In addition, the American public continues to place significance on the reproductive ability of women. This can lead to judgment and discrimination. As a young woman who has had a hysterectomy prior to birthing children, I have various personal experiences that reflect this unfortunate reality.

A Concluding Thought about the March
If you supported the march, you should have marched for all women empowering each to make choices for their own vocations and well-being, this includes:

  • Trade School, College, University, or no higher education;
  • Blue Collar Labor or White Collar Careers;
  • Stay-at-Home Spouse/Parent or Business Owner/CEO;
  • “Pro-Choice”, “Pro-Life”, and those in the undecided;
  • Democrat, Republican, or Independent;
  • Jewish, Christian, Muslim, Pagan, Wiccan, Spiritual but Not Religions, etc.; and
  • Parents (biological/adoptive) and those without children.

2017 Gender Roles
The journey to ordained ministry in the Evangelical Lutheran Church in America (ELCA) includes a psychological evolution. This evolution utilized multiple tools, such as a test created in the 1950s when the expectations and roles of the genders were more culturally defined. The test diagnosed me with “Gender Identity Disorder” and he referred to me as “Gender Role Confused”. Therefore, I may not be qualified for speaking to “Gender Roles”.

There is a meme that has crossed by Facebook feed multiple times recently, it reads:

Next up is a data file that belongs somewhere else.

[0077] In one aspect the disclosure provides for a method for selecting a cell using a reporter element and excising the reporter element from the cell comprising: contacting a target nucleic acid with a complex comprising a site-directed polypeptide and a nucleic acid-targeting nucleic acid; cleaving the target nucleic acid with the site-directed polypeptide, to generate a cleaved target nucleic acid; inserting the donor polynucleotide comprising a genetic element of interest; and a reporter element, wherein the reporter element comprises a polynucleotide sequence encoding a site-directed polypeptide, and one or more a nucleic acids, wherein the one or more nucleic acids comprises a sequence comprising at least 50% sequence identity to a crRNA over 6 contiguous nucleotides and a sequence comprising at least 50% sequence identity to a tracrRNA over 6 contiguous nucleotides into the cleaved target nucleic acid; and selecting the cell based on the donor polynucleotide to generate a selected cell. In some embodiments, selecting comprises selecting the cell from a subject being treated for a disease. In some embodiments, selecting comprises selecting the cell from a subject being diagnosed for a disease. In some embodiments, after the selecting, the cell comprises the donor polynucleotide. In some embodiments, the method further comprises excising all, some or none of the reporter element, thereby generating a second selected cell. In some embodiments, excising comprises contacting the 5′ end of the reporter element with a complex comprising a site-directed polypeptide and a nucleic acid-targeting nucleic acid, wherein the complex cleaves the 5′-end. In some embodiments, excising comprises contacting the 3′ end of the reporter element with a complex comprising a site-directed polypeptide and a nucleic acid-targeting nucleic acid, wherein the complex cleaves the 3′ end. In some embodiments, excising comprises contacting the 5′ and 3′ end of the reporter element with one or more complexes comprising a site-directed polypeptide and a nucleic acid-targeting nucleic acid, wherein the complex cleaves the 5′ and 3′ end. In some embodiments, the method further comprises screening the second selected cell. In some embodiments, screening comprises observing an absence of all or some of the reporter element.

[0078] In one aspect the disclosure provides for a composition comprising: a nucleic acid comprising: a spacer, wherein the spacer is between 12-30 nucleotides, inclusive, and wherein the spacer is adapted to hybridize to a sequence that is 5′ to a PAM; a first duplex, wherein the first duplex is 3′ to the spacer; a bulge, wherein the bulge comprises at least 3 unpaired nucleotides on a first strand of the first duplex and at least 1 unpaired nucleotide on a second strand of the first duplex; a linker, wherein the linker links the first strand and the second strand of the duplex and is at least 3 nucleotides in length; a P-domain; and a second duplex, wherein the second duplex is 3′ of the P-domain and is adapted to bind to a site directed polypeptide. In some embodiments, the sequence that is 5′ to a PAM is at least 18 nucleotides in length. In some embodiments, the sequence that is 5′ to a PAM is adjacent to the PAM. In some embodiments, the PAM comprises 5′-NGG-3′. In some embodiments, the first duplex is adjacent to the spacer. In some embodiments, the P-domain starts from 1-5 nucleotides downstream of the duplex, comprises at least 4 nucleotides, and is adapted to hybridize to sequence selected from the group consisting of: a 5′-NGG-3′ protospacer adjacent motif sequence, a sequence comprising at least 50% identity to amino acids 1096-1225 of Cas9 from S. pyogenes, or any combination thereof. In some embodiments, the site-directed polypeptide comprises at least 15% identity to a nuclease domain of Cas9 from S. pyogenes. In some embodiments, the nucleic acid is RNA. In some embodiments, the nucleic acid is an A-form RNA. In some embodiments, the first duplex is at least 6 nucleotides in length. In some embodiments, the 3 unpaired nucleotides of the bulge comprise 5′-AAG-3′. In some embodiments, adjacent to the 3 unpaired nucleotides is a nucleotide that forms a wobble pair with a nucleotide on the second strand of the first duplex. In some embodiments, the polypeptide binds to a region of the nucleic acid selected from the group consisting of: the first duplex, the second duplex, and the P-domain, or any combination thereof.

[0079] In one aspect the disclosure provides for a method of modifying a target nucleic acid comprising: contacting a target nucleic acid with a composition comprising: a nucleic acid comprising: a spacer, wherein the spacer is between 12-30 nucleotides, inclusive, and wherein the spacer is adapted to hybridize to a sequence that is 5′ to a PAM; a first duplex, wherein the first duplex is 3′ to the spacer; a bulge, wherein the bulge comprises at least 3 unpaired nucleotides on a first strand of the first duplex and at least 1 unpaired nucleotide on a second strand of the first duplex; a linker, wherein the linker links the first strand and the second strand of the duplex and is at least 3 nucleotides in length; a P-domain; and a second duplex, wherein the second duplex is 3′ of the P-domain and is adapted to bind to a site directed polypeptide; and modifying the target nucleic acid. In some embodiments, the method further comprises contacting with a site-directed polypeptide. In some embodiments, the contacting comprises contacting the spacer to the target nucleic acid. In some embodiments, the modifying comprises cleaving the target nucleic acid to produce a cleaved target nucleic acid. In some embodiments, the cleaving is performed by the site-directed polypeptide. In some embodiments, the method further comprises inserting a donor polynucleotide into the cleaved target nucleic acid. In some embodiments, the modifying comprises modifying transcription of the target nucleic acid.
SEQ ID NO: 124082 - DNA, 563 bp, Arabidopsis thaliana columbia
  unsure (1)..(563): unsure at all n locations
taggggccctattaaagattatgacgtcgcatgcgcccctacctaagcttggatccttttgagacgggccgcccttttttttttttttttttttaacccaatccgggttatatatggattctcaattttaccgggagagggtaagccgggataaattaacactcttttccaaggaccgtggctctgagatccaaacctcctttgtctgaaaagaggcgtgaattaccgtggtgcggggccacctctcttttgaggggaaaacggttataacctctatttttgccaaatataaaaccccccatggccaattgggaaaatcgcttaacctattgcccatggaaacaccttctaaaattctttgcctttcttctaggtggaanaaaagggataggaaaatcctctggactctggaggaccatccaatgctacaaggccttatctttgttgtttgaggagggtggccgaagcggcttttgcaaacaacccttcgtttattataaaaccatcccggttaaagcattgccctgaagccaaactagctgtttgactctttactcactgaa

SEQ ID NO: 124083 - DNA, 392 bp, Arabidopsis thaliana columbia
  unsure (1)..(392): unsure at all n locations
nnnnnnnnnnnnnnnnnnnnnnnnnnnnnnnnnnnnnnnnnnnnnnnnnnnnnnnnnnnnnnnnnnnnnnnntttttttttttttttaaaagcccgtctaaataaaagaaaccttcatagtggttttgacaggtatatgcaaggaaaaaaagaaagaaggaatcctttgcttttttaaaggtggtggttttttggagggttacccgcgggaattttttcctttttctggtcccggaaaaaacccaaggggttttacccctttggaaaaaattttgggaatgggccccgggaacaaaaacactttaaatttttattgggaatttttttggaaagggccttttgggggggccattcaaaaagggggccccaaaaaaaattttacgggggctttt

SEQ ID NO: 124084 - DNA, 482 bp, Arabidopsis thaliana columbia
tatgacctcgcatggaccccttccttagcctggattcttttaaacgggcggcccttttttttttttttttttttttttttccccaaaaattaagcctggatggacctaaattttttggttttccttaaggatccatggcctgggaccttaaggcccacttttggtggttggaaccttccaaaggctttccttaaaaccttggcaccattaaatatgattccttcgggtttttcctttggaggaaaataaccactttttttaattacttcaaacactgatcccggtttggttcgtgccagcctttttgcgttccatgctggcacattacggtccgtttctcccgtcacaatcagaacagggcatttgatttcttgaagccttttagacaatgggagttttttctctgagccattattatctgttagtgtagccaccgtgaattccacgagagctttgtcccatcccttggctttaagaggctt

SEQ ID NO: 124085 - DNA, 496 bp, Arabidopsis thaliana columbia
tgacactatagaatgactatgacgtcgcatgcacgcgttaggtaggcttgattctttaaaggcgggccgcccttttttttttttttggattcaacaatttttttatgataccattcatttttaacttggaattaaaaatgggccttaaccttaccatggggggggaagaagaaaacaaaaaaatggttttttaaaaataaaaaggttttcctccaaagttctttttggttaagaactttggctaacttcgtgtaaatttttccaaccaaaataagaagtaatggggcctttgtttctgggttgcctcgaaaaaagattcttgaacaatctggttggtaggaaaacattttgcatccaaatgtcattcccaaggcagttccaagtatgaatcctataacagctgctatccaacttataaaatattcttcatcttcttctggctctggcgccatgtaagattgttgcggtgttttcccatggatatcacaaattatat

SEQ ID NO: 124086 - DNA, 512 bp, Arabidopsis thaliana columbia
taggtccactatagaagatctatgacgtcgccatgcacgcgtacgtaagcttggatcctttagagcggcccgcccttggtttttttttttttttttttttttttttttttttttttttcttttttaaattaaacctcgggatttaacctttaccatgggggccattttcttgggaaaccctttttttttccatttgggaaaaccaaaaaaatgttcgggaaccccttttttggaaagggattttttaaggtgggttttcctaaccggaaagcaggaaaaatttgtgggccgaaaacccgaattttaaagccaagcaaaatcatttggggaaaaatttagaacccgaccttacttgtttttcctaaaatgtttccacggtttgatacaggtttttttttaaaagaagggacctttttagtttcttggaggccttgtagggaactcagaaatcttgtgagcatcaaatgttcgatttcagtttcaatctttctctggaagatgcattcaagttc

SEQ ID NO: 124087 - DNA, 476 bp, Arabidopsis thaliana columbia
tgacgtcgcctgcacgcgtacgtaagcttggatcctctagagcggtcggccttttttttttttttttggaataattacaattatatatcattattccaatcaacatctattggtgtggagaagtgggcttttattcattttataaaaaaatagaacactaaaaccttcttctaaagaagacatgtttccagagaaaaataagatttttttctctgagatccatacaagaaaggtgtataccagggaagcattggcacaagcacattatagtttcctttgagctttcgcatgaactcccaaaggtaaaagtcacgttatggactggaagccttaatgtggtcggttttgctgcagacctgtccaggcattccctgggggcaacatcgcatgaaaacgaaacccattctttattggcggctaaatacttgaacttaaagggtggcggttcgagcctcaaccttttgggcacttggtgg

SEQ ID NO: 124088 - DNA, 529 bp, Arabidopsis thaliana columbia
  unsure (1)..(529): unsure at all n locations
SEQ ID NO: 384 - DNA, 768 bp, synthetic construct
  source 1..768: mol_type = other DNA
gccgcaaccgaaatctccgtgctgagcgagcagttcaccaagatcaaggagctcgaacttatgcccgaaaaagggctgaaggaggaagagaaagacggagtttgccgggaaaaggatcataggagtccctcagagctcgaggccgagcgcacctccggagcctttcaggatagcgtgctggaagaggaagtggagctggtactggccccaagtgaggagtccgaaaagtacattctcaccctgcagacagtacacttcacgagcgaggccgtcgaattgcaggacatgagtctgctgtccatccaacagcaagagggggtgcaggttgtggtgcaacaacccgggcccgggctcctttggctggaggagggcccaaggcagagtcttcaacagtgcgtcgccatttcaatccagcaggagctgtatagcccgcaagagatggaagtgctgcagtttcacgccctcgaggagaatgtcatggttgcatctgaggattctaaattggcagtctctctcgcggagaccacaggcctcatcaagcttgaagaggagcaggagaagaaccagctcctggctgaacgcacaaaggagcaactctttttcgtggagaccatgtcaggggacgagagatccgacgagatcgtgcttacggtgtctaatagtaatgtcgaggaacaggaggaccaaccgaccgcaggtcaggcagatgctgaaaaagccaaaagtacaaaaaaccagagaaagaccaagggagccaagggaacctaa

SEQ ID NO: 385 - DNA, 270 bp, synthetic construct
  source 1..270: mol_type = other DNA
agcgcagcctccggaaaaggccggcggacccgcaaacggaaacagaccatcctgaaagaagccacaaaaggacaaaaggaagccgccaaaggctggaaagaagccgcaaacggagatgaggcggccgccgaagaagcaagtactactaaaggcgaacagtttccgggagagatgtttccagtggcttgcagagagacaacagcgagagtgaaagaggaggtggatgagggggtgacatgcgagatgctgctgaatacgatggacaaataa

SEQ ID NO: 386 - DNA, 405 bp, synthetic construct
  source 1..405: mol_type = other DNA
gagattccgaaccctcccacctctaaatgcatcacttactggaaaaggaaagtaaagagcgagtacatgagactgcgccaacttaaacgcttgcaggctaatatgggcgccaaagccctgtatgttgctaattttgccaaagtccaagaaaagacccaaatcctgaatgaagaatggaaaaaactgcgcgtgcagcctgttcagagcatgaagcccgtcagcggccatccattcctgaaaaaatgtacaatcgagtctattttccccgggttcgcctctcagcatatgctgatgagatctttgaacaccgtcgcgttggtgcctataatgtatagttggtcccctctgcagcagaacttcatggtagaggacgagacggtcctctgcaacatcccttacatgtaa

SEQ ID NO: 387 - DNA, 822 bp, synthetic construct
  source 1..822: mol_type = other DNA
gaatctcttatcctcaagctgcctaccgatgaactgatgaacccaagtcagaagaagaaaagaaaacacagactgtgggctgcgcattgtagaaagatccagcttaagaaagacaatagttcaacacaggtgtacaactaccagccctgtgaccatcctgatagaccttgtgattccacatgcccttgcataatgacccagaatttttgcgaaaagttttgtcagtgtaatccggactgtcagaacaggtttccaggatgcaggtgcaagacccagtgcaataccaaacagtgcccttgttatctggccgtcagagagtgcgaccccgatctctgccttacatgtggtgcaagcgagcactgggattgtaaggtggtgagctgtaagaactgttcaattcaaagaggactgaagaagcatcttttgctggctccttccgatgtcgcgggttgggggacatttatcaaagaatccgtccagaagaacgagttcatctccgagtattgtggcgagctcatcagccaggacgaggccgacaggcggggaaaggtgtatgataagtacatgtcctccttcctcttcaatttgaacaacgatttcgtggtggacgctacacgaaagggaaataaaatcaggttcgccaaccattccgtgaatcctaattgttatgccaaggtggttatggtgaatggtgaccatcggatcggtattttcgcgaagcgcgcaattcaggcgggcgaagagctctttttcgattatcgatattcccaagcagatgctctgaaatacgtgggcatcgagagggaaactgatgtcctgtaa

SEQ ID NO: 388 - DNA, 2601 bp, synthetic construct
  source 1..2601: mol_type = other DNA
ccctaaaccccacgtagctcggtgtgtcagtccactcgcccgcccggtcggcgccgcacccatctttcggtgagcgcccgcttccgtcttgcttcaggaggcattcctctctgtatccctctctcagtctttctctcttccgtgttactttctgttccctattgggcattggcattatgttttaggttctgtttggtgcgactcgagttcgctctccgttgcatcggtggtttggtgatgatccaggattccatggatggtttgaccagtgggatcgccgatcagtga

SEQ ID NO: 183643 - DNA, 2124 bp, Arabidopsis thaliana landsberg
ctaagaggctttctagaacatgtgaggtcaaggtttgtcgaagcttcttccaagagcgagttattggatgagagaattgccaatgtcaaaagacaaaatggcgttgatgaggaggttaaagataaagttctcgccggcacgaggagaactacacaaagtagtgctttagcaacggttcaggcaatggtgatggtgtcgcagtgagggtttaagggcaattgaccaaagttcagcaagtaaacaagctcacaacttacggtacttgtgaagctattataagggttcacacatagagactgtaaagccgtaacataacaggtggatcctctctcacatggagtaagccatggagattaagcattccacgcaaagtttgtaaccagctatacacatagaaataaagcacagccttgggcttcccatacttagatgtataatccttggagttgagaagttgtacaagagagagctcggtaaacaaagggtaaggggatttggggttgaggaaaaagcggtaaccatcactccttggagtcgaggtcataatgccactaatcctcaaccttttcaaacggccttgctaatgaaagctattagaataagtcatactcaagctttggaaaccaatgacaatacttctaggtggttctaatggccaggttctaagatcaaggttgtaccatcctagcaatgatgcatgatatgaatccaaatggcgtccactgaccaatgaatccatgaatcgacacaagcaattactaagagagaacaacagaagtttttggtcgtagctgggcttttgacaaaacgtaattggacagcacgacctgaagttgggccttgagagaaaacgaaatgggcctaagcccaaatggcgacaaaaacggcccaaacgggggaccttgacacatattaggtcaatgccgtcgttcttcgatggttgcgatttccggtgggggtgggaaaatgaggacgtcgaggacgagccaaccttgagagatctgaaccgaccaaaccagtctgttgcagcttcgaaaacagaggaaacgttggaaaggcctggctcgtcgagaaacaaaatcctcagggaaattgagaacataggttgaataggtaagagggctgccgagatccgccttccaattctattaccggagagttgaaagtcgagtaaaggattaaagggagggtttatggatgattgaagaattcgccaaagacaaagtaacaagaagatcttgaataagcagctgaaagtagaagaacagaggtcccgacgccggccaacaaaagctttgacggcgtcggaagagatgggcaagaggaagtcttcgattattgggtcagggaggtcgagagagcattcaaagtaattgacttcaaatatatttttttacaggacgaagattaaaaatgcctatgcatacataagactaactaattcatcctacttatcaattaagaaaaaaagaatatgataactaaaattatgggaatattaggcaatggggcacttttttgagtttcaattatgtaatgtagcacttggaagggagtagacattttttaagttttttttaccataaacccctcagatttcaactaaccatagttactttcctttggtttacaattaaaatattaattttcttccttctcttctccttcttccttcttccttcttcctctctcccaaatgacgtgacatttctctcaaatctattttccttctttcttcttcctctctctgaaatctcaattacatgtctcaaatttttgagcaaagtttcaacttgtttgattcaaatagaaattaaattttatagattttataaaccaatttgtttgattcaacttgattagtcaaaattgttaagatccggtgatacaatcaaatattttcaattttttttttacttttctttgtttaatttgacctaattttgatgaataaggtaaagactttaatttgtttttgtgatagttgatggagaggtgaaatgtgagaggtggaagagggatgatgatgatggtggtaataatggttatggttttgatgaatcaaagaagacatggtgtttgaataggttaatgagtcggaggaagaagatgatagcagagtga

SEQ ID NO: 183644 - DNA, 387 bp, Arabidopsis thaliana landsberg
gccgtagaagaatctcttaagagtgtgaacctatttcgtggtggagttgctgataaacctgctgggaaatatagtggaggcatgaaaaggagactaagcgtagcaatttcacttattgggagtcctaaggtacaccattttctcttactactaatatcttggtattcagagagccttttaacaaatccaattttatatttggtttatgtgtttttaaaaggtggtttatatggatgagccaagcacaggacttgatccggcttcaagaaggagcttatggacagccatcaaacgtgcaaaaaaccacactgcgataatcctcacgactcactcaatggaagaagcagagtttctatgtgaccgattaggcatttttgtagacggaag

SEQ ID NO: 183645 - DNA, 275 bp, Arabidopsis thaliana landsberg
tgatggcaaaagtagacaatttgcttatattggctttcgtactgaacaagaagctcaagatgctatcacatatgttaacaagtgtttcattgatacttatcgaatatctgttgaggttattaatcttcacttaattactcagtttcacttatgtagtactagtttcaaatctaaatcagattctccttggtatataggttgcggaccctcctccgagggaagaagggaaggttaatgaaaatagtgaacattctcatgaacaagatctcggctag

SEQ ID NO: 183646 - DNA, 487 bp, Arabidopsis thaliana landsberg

“Our generation is becoming so busy trying to prove that woman can do what men can do  that women are losing their uniqueness.
Women weren’t created to do everything a man can do.
Women were created to do everything a man can’t do.”

I cannot agree with this statement, I am being challenged as I wrestle with it because I was taught these were the only sex (gender) specific abilities:

  • those that require male sexual organs (penis and testicles), such as impregnating
  • those that require female sexual organs (uterus and ovaries), such as birthing a child

Ok, males also are capable of more easily peeing while standing up. 🙂

Perhaps, I am sensitive to this meme as I do not have any of these sexual organs. And therefore, if I can not “do everything a man can’t do” then I might as well prove I can do whatever a man can do {That peeing thing may be a challenge].

But, seriously. Although there are men and women comfortable in the traditionally defined gender roles, there are also men and women who are not comfortable with said gender roles. Therefore, men and women should be empowered in their choices for themselves, their vocations, and their family without being confined to traditional gender roles.

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Posted by on January 28, 2017 in Pondering